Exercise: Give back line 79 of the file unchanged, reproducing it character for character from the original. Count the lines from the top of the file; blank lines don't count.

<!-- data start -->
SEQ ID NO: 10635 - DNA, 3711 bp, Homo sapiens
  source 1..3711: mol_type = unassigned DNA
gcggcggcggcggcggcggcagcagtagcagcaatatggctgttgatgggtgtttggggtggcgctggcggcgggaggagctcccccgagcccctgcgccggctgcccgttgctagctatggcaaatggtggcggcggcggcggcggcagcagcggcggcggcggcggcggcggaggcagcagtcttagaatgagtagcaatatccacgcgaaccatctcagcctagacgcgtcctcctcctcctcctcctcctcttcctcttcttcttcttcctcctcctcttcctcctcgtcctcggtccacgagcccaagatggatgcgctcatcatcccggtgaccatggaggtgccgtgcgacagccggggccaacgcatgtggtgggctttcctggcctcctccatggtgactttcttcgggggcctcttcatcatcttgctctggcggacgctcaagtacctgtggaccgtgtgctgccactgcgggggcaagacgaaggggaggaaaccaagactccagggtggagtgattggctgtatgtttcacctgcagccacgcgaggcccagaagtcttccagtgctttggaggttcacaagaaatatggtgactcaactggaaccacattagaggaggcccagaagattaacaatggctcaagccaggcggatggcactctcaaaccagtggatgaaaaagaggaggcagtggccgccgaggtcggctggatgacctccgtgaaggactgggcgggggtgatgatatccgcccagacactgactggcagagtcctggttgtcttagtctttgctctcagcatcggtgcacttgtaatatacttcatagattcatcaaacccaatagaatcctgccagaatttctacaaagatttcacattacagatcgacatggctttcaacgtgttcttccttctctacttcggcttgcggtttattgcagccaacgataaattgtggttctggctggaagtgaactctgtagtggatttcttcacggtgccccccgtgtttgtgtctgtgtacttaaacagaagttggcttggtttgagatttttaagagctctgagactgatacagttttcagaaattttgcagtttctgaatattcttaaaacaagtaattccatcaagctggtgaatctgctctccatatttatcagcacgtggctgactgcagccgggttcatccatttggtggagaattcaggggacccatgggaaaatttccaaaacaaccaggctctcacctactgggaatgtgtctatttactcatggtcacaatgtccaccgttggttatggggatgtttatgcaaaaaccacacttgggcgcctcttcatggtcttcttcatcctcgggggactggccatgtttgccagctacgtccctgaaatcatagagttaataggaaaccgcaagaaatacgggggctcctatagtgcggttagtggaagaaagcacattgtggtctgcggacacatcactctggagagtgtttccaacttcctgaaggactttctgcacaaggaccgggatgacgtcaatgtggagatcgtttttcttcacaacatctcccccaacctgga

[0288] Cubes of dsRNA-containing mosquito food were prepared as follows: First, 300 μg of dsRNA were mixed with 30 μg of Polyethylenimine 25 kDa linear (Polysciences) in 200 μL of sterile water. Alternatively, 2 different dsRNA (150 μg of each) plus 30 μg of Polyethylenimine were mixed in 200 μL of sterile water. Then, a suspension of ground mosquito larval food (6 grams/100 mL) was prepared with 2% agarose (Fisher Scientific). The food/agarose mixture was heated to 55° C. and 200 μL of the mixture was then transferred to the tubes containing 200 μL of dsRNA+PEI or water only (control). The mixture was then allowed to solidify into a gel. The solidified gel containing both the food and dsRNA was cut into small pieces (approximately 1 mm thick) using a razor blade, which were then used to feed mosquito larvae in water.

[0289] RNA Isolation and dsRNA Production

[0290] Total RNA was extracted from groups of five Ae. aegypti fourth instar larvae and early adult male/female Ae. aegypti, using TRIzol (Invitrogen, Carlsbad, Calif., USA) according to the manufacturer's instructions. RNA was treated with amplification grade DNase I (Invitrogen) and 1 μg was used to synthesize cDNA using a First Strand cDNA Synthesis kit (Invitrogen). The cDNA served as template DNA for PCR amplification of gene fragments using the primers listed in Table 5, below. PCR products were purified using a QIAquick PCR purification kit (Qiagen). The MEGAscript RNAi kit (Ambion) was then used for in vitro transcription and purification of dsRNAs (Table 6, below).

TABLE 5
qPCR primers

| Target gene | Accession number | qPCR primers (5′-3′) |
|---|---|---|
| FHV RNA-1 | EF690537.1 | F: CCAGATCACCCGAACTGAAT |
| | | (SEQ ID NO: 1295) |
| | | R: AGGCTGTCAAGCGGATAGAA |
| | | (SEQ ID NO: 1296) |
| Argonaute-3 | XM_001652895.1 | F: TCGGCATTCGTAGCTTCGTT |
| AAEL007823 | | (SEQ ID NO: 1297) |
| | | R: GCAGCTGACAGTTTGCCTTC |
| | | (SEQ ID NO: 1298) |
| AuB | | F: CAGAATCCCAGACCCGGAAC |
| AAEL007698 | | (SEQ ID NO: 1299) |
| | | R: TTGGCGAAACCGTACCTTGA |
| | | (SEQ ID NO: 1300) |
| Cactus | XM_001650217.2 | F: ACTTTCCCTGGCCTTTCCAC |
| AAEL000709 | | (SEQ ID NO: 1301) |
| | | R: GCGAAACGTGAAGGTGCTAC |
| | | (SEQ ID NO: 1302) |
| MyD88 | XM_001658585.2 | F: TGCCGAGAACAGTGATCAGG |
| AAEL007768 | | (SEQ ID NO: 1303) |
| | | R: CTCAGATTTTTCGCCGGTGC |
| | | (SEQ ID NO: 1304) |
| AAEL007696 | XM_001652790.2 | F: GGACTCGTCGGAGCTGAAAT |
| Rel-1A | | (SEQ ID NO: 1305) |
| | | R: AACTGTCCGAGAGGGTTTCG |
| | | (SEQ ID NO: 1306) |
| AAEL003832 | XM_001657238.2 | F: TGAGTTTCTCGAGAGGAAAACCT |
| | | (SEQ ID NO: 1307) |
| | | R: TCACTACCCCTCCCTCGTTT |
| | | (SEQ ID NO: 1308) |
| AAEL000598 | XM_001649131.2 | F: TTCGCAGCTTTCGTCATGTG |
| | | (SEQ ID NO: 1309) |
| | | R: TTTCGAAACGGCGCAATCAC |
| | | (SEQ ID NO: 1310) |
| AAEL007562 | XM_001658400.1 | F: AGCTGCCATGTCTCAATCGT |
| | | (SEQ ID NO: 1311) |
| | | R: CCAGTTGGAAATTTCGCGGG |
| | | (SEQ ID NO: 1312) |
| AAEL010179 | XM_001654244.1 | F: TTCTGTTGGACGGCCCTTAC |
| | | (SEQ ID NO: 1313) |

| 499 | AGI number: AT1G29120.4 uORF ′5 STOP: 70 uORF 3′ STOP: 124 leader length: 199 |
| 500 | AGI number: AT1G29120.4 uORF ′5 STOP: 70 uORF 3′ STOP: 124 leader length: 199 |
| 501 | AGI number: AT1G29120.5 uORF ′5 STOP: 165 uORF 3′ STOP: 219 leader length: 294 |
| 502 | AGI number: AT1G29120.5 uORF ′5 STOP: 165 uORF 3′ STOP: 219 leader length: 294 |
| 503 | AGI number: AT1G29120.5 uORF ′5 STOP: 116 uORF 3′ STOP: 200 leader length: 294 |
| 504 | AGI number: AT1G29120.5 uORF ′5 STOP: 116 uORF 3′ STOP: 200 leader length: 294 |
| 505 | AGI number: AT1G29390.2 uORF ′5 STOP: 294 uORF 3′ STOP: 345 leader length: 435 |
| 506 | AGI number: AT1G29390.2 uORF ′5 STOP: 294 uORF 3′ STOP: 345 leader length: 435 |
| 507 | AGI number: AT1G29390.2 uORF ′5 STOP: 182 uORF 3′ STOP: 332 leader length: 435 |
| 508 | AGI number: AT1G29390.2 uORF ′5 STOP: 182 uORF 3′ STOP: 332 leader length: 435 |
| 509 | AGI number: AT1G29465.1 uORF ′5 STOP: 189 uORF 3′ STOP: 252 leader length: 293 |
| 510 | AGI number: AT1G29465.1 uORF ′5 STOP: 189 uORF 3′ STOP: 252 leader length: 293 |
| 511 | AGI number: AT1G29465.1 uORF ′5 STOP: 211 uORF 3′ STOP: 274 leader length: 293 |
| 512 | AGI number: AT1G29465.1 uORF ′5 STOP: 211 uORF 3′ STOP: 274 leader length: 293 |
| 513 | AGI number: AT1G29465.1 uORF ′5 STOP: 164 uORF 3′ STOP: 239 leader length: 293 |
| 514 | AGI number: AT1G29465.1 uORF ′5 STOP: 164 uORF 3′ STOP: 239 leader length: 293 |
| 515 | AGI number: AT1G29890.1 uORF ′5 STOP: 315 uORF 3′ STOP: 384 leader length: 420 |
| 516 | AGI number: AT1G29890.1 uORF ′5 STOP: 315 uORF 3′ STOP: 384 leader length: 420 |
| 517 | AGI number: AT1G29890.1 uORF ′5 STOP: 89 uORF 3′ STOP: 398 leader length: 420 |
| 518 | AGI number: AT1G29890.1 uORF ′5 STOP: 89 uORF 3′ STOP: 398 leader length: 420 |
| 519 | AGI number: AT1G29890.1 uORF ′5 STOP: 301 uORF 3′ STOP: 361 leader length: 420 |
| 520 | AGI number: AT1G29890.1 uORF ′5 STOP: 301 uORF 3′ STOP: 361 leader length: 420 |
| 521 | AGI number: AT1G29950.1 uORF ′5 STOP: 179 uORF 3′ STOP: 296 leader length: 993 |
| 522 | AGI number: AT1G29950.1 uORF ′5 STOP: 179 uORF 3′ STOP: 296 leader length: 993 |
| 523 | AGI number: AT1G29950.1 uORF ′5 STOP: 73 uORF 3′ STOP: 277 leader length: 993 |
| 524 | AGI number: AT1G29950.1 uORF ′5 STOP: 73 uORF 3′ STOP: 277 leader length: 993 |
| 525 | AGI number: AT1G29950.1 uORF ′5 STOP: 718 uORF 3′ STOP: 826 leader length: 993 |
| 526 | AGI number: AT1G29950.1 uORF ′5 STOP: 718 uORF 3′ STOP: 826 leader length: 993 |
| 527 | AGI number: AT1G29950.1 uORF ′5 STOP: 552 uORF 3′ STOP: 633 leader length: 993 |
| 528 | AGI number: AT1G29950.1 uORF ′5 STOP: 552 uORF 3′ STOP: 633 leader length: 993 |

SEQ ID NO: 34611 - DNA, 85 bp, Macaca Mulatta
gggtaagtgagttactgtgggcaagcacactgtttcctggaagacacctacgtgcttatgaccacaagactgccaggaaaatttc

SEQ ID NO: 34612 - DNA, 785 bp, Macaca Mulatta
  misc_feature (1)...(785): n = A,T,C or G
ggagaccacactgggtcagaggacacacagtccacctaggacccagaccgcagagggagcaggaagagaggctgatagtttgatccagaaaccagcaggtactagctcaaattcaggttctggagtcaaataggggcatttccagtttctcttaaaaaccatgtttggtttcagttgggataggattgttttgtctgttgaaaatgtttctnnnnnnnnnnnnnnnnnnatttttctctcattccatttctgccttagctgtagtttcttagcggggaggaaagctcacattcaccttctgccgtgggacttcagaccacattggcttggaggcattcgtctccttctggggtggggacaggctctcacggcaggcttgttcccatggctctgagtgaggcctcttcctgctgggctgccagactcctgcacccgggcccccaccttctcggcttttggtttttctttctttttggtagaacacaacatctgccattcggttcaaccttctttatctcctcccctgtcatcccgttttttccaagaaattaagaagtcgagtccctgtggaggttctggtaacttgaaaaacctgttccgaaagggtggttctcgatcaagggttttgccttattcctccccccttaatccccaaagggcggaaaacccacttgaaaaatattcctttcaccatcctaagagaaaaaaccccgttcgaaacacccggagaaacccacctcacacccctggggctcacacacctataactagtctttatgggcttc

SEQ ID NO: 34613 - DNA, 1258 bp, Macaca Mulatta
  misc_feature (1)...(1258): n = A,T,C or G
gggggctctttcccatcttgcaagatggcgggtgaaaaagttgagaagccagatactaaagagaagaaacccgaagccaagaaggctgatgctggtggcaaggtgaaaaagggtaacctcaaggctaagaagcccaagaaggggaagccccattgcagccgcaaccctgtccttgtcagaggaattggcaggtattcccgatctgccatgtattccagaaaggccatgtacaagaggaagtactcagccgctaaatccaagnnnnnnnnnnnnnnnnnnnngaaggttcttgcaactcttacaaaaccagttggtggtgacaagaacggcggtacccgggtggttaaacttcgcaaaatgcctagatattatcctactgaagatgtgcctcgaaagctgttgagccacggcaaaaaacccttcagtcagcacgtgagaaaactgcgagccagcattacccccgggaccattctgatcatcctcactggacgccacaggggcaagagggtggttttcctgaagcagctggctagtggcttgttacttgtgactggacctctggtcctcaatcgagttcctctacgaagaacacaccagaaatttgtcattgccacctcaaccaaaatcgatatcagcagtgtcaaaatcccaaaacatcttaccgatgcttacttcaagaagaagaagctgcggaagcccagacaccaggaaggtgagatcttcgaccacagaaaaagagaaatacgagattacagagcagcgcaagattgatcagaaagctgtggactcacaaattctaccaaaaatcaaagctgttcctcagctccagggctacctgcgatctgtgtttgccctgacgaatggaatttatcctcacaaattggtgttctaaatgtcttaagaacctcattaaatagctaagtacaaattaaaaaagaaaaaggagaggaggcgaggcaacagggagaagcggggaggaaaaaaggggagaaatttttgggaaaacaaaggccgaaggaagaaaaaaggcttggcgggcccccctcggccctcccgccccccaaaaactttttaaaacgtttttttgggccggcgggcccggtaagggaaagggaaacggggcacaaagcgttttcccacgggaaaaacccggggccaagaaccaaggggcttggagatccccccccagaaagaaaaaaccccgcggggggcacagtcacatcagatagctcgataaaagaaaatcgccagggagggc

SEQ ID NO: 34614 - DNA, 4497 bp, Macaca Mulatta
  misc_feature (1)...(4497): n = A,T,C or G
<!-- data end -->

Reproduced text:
SEQ ID NO: 34611 - DNA, 85 bp, Macaca Mulatta